“The foul odor of mendacity,” uttered by Burl Ives as “Big Daddy” in the 1950s screen adaptation of “Cat On A Hot Tin Roof,” is that film’s most memorable line. It drips with disdain.
It’s another election season and the odor again permeates the airwaves. Is there anything more foul- smelling then what now passes for political advertising. Deceit, distortion, manipulation, half-truths and downright lying have become accepted parts of the election surge as candidates struggle to promote themselves and destroy the opposition.
Rich candidates spend millions of their own money to burnish their image and to sully that of anyone bold enough to challenge their wealth. Sadly, public office is for sale on the open market; the more you spend, the more likely you are to win.
The First Amendment reigns supreme, so without restraint and little regard for truth, fairness, or civility, the marketplace – not of ideas but of illusion and noise – determines winners and the losers.
Capitalism triumphs and government appears almost helpless to restrain its worst impulses. Everything is for sale. It’s image not substance; people recreate themselves using the proven techniques of the marketplace.
One cannot be forthcoming and successfully run for office in this day and age. Check the polls, avoid specifics, never acknowledge your limitations, tell the folks what they want to hear and not what they need to know and pay attention to the all-important raising of money. These are today’s measure of political success.
To acknowledge your humanity, tell the truth, recognize the successes and not just the failures of the opposition, and refuse to take money from special interests, assures failure.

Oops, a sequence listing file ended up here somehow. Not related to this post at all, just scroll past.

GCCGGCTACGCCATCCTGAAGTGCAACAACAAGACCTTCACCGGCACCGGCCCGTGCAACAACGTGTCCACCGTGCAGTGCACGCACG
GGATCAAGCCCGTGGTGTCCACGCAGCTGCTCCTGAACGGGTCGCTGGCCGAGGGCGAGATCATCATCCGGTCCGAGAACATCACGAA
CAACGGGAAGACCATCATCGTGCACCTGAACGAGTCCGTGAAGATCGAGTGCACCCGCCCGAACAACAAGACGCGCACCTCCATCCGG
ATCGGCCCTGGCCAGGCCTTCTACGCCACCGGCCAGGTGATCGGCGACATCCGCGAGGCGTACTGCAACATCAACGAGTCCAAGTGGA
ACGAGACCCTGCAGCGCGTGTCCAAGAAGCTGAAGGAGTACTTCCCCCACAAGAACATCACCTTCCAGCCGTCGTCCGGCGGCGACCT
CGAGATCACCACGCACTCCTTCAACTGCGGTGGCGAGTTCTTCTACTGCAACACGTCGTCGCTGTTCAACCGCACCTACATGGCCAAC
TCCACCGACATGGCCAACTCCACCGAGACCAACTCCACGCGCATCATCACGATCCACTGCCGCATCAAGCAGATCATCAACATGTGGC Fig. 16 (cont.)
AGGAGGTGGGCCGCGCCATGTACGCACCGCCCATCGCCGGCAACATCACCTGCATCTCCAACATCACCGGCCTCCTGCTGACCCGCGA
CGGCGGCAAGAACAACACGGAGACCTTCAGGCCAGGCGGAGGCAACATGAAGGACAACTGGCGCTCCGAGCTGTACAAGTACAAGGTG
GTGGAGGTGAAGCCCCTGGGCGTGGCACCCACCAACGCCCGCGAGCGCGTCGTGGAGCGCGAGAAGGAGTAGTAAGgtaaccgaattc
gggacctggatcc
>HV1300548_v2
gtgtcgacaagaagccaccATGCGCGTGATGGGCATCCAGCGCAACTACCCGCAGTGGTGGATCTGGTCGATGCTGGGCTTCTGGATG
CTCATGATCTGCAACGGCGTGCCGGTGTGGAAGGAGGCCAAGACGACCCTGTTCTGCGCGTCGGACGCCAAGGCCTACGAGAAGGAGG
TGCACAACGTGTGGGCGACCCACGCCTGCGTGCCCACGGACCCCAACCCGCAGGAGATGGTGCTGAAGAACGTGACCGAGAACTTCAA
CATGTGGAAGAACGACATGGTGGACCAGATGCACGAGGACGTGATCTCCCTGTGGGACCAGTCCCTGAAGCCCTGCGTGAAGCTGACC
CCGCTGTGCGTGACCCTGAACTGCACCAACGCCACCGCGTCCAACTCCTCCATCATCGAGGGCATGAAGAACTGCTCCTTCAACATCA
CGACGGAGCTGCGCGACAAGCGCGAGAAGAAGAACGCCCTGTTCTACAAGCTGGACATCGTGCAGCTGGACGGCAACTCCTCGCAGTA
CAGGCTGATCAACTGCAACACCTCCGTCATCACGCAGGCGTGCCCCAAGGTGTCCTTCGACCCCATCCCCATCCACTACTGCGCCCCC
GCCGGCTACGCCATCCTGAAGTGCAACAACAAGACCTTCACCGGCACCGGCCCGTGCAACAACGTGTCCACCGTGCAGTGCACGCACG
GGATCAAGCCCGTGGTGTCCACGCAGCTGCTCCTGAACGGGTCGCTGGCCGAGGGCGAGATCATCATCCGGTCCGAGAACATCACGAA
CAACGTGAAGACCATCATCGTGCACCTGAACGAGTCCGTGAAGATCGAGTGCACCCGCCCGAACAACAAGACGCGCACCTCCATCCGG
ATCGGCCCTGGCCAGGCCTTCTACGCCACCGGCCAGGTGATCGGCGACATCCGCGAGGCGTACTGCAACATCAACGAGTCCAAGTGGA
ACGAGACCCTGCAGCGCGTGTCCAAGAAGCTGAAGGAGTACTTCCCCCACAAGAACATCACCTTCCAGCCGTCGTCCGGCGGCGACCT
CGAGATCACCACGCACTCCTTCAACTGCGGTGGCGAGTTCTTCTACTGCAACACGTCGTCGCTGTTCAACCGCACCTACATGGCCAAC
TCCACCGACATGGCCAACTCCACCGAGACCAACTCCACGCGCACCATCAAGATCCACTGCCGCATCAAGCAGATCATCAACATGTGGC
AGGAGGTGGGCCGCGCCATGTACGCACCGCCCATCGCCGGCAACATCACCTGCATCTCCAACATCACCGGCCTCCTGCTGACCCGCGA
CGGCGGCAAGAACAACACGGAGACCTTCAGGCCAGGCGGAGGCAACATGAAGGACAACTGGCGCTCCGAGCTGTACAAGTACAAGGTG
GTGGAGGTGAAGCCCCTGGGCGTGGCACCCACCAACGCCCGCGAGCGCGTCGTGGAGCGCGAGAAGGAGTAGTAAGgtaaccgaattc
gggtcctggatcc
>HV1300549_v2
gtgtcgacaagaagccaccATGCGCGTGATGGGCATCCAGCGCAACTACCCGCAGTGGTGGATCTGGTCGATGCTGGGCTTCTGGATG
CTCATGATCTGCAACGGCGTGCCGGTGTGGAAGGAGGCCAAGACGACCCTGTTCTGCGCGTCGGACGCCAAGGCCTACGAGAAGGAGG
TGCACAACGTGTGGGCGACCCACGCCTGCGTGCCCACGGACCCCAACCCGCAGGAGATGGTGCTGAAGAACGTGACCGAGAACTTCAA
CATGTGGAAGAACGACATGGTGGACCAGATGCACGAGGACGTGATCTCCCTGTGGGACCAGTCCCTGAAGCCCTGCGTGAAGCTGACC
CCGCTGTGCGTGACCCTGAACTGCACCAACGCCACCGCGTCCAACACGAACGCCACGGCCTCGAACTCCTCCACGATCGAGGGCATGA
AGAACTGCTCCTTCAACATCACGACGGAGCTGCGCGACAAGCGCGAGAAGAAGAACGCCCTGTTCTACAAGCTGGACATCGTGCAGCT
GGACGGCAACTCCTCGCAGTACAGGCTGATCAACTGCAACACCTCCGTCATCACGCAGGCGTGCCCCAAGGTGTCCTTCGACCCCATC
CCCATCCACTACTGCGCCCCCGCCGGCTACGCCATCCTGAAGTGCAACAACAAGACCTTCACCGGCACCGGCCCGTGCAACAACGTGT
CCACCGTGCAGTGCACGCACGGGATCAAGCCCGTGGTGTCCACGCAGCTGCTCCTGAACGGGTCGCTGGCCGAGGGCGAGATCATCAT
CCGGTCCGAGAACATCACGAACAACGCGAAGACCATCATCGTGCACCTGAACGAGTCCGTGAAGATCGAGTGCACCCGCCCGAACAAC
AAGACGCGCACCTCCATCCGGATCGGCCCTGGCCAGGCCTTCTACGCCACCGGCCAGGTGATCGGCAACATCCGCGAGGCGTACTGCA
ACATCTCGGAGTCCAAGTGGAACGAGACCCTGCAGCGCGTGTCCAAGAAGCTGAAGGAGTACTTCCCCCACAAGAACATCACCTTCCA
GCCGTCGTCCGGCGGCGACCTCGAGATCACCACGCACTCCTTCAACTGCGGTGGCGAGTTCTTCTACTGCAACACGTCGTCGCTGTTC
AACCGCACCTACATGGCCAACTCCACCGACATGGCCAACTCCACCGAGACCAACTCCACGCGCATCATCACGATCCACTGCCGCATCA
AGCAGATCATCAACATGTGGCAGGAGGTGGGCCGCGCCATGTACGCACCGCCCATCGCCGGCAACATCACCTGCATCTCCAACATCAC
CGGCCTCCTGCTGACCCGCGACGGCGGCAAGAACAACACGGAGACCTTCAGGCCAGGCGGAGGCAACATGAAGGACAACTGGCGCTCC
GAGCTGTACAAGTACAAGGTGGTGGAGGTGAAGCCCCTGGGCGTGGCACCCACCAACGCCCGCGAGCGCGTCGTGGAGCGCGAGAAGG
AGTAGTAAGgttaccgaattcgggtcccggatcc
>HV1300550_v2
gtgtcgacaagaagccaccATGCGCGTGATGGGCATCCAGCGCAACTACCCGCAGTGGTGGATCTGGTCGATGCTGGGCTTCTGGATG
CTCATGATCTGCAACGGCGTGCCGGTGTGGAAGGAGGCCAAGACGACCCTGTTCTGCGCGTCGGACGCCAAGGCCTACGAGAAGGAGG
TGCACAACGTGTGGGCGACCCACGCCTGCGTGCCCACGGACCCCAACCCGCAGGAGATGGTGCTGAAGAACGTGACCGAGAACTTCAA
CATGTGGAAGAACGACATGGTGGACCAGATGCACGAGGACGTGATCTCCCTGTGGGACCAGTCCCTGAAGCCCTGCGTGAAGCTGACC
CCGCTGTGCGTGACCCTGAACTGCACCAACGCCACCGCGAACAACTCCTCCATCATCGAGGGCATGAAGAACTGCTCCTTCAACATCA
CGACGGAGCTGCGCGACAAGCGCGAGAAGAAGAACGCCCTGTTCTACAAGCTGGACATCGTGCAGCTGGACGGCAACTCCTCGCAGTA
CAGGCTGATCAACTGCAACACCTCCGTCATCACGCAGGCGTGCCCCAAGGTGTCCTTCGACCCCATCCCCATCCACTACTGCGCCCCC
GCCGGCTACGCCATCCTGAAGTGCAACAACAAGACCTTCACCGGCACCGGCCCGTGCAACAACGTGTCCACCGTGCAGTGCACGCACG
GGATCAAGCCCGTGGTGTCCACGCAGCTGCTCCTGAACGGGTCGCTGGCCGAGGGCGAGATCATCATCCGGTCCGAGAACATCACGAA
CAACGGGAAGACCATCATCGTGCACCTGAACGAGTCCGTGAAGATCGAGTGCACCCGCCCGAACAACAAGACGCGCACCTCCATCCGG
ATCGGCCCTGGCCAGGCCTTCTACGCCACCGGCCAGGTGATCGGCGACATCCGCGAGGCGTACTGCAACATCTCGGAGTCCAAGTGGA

In a culture that prizes celebrity over accomplishment, image over substance, illusion over reality, and blather over wisdom, there is little room for the leaders the nation needs to emerge. Those who try often find the system so fractured and unresponsive, they soon become discouraged.
There are such men and women in public office but at the national level, where the stakes are higher and special interests so rich and powerful, they feel overwhelmed – to the point that some of our best have to choose between abandoning principle and remaining in office.
Contrast the haphazard manner in which voters elect public officials and the process by which jurors determine responsibility in criminal and civil trials. Voters are bombarded with political ads while jurors, after being screened for biases, are instructed to listen carefully to the evidence presented by opposing counsel.
Political ads are unregulated and the identity of the funding sources often undisclosed. You can say anything you want with little regard to accuracy or applicability. At a trial, the rules of evidence are designed to identify the source and assure both the relevance and reliability of information.
Many voters devote little time or attention to their choices. Jurors are instructed to deliberate and consider carefully all the evidence before arriving at a conclusion. Despite the safeguards provided at trial, it is often hard to make the right decision.
With all of the misinformation, personal attacks, and distortions, is it any wonder that money becomes the determining factor in elections. Regardless of the merits of your position, if you keep repeating it over and over again, it will eventually overwhelm the opposition.
Now more than ever we need honest leadership. Not small “honest” like not tolerating criminal activity but big “honest” – like being truthful. That reminds me of another famous line from “A Few Good Men” – Jack Nicholson’s challenge: “You can’t handle the truth.”
Maybe he was right. We can’t recognize or handle it!
James W. Dolan is a retired Dorchester District Court judge who now practices law.